This is an excerpt of the Bhagavad Gita, by Swami Lakshmanjoo, audio recording by John Hughes in November 1978 in Kashmir…


dharmakṣetre kurukṣetre sarvakṣatrasamāgame  /
māmakāḥ pāṇḍavāścaiva kimakurvata sañjaya  //1//

O Sajaya! In dharmakṣetra, in the field of purity and which was the field of kurukṣetra, in that kurukṣetra, sarvakṣatra-samāgame, where there was the union of all kṣatriyas, kṣatras not Kṣetras.

DEVOTEE:  Warriors, kṣatriyas?

SWAMIJI:  Kṣatriya means bent upon killing each other. Those people who are bent upon killing each other. Those are called kṣatriyas. This was the gathering of those kṣatriyas there in that battlefield of kurukṣetra. And there was gathering of all my sons, māmakāḥ and pāṇḍavāścaiva, and five pāṇḍavās on the other side, kimakurvata, what did they do afterwards, what happened afterwards?

Now Abhinavagupta’s interpretation for this first śloka.

atra kecidvyākhyāvikalpamāhuḥ- . . .

Some masters of mine put this kind of interpretation for this war.

Actually kuruṇāṁ-kauravas do not mean only those hundred sons of Dhṛtarāṣṭra. Kauravas mean also karaṇānāṁ yatkṣetraṁ, the field of organs, where there is a field of organs; where organs are held, organs take place. That is body. Karaṇānāṁ yatkṣetram anugrāhakam.

Kṣetram means anugrāhakam. Anugrāhakam means . . .

JOACHIM:  Bliss.

SWAMIJI:  . . . bliss bestowers. Actually these organs of senses bestow bliss if they are handled properly. If these organs are handled properly they bestow bliss. If they are not handled properly they bestow grief, sadness.

ata eva sāṁsārikadharmāṇāṁ sarveṣāṁ kṣetraṁ,

So it is the field of all actions, because all actions rise from this body. All actions rise from this body.

‘ayaṁ sa paramo dharmo yadyogenātmasarśanam’ (Yājñavalkya Smṛti)

That, the real and only pure action is that action by which action you can perceive, you can experience God consciousness. And for experiencing God consciousness this also is meant, the same body is meant. Experiencing all worldly activities this kṣetra is meant. This body will do that thing also. And this body will do, side-by-side it will make you fit to recognize the state of God consciousness.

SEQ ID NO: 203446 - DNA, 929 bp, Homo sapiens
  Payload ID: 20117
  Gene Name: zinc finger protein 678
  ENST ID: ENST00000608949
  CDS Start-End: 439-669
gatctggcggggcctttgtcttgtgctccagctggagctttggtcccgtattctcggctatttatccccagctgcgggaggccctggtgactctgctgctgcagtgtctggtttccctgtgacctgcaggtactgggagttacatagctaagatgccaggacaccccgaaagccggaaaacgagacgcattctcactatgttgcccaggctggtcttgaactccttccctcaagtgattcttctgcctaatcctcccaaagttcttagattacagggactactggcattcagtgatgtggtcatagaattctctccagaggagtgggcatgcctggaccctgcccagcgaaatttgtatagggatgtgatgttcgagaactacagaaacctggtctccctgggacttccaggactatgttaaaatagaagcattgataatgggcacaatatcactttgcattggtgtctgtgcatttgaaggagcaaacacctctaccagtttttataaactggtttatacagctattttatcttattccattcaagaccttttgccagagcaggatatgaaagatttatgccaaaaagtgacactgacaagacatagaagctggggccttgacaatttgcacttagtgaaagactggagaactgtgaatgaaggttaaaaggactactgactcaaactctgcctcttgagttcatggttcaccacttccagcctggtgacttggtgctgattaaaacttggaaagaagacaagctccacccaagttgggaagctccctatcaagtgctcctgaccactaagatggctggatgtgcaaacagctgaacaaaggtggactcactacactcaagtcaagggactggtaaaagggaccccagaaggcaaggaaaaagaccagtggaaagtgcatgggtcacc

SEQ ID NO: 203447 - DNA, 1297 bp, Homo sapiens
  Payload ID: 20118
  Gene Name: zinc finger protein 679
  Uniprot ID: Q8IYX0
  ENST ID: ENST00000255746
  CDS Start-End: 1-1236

BG audio CD 450 ch 1 (27:30)

sarvakṣatrāṇāṁ kṣaderhiṁsārthatvāt paraspar-avadhyaghātakabhāvena vartamānānāṁ rāgavairāgya-krodhakṣamāprabhṛtīnāṁ samāgamo yatra, tasmin sthitā ye māmakāḥ–avidyāpuruṣocitā avidyāmayāḥ saṅkalpāḥ /

(not recited, comm. verse 1)

Sarvakṣatrāṇāṁ . . . now sarvakṣatrāṇāṁ, now he explains the word kṣatra. Kṣatra means kṣaderhiṁsārthatvāt, kṣaderhiṁsāyam is that verbal root from which verbal root this kṣatra is derived. Kṣad means hiṁsā, hiṁsā means just . . .

JOACHIM:  To hurt.

SWAMIJI:  . . . hurting. So paraspara who hurts whom, who hurts whom in this body?

Parasparavadhyaghātakabhāvena vartamānānāṁ, they are bent upon killing each other.

Who are they?

Rāga vairāgya krodha kṣamāprabhṛti, from one side there is rāga, attachment. From another side there is detachment [vairāga]. Detachment quarrels with, fights with attachment, rāga. Krodha, anger, wrath one side, another side penance; don’t lose your temper. Vairāgya krodha kṣamā prabhṛtīnāṁ samāgamo yatra, and this is the gathering there, these are gathered there in this battlefield. So this body is a battlefield where these gather, bent upon killing each other, subsiding each other. Tasmin sthitāḥ ye māmakāḥ, and in that field there were my sons, māmakā means my sons.

What is my sons?

My sons does not mean only kauravas, my sons means avidyāpuruṣocitā avidyāmayāḥ saṅkalpāḥ, i.e. this is mine, this is mine, this is mine, this is mine, this is mine, this is māmaka. This is what is called kauravas. So these are these thoughts. These . . .

JOACHIM:  Egoistic thoughts.

SWAMIJI:  . . . egoistic thoughts that, “this is mine, I want to purchase one more for my comfort.” So this is kaurava, this is the collection of kauravas held in the kurukṣetra that is in this body.

Pāṇḍavā, what is pāṇḍavā, pāṇḍavā means white.

pāṇḍavāḥ–śuddhavidyāpuruocitā vidyātmānaḥ 

Śuddhavidyā puruocitā vidyātmānaḥ, saṅkalpāḥ, these thoughts pertaining to experiencing the state of God consciousness, i.e., thoughts pertaining for meditation, all these, these are pāṇḍavās.

te kim-akurvata

What did they do in this battlefield of the body? O Sajaya!

That means ke jitā . . .

–keiḥ khalu ke jitā iti yāvat  /

. . . who won, who were defeated, who were winners and who were defeated?

mameti kāyatīti māmakaḥ

Māmaka means who always believes, “mine, mine, mine, mine, mine!”

avidyāpuruṣaḥ  /

So it is ignorance, the body of ignorance. And pāṇduḥ is śuddhaḥ, clean, white, detached being. This is one interpretation of this meaning. The another is already known to everybody.

(source: Bhagavad Gita, by Swami Lakshmanjoo,
from the Audio Archives of the Universal Shaiva Fellowship)

All Content is subject to Copyright © John Hughes.

  1. June 27, 2011

    Considering the above I wonder which organ or thought process is represented by Karna?!

  2. June 27, 2011

    Karna (son of Surya, a pandava on the side of kauravas) would be identified with which organ or thought process?

  3. June 20, 2015

    Beautiful an real interpretation.
    Suitable for a real action.
    Thank you for share.

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